Surrender to Love: Discovering the Heart of Christian Spirituality
by David G. Benner.
What does God think of you?
Do you relate to Him with fear or trust?
How does that affect your life?
David Benner, a professor of psychology and spirituality, summarizes the Christian life in his title: Surrender to Love. He recognizes our longing for love and connection – indeed, it is our life purpose – yet we are hesitant to be vulnerable.
The book contains only five chapters, and is not burdensome to read. It takes the reader through a progression as follows:
First, he poses the question, “what do you think God feels about you?” He encourages us to think if God as the Father of the prodigal son – loving us despite our sin. He also points out that Jesus, God incarnate shows us that God is love. The problem, however, is that many people know this, but don’t feel it. They need to experience it.
Second, Benner addresses fear. Some people relate to God in this way, as if God only offered His gift of Love “at gunpoint.” And, living in fear, we seek safety by seeking to control ourselves and others. Only knowing the safety of God’s uninventable, inconceivable gracious love can free us from fear, to vulnerably receive.
Third, he argues that obedience to God, which leads to our well-being, needs to be in surrender. We can’t strive to obey by our own strength; we must abandon control, and trust His love. Obedience should be restful, like flowing in a stream, rather than striving by our own strength. It is preferring His way, and saying “yes” to Him – only possible if we trust His love.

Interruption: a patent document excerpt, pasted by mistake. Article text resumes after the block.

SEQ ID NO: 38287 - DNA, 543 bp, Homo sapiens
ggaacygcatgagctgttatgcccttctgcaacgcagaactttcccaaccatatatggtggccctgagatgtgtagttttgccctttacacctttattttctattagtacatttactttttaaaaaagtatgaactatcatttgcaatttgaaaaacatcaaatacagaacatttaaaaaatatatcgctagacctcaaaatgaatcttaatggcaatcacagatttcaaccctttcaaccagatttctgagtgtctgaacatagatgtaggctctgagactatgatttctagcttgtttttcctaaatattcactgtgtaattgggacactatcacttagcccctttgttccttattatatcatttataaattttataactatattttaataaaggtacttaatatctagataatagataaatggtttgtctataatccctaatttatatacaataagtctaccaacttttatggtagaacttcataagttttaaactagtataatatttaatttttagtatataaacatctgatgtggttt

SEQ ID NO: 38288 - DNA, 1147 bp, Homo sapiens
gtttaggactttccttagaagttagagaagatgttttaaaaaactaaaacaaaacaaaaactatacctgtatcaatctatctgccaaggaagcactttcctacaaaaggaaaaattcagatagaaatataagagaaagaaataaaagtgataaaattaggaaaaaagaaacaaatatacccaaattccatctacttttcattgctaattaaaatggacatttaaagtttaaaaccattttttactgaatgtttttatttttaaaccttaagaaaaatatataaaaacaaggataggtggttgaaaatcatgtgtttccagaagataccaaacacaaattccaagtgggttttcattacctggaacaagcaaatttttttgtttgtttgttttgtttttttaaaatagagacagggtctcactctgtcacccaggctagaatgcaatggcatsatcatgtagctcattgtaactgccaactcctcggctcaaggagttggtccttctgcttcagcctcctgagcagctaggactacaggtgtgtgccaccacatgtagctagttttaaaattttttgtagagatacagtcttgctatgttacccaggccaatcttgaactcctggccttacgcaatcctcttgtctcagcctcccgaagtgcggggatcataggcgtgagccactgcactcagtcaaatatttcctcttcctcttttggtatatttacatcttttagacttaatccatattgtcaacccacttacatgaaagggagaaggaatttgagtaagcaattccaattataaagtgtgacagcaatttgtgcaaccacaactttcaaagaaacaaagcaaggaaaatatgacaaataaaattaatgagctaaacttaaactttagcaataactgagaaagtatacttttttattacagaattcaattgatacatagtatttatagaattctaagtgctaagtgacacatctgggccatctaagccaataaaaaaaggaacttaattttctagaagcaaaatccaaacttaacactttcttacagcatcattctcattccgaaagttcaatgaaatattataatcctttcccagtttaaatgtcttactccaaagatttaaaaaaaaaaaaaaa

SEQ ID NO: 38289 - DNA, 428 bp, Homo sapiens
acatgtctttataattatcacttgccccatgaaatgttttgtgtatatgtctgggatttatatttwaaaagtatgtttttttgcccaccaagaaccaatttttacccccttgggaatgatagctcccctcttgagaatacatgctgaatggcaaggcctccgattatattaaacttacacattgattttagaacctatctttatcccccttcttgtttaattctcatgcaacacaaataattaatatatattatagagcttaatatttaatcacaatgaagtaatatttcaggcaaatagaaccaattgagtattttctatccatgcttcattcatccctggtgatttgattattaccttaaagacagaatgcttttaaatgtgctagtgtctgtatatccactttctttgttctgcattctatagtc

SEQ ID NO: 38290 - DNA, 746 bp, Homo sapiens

Fourth, Benner outlines the transformational journey this involves. It begins with conversion, which involves repenting or turning from our sin, to God. This requires trusting His love and reorienting toward Him. Next, one must receive the love in vulnerability – only then can it truly transform us. One may know the truth, but they will not be able to change by sheer willpower. Finally, after opening oneself to God, one must “leap beyond belief” and truly experience His love. Only God’s love can truly satisfy, and only His love is perfect enough for absolute surrender; but our love can partially reflect it enough to partially enjoy this transformative love in a human context.
Fifth, Benner addresses how we can “become love.” He points out that conversion involves a death and rebirth of the self. And to become new, it involves meditating on God’s love, rather than trying to mimic it. But, one must experience this love through the cross alone – recognizing our sinfulness and need, and receiving His gift. From there, we lose ourselves and become others-oriented; we become love, in the image of the One Who is love.
What can I say about this book?
If you prefer practical, hands-on, formulaic, how-to ministry manuals, this isn’t for you. Yet, in a way, it does present us with very simple and clear instructions on how to benefit from God’s love.
Perhaps, you may wonder, ‘How can Benner, or anyone for that matter, speak of such things? Aren’t these issues private, between us and God?’
No. Read the Psalms. Read the Bible! We need to talk more about our relationship with God. Yes, it is individual and unique, but it is strengthened in community. Benner doesn’t have the complete view, but neither does anyone else. Yet, we can learn from one another, and I dare say we should learn from what Benner shares here.
So, by all means, check out this book, read it with an open mind, and take from it what you can!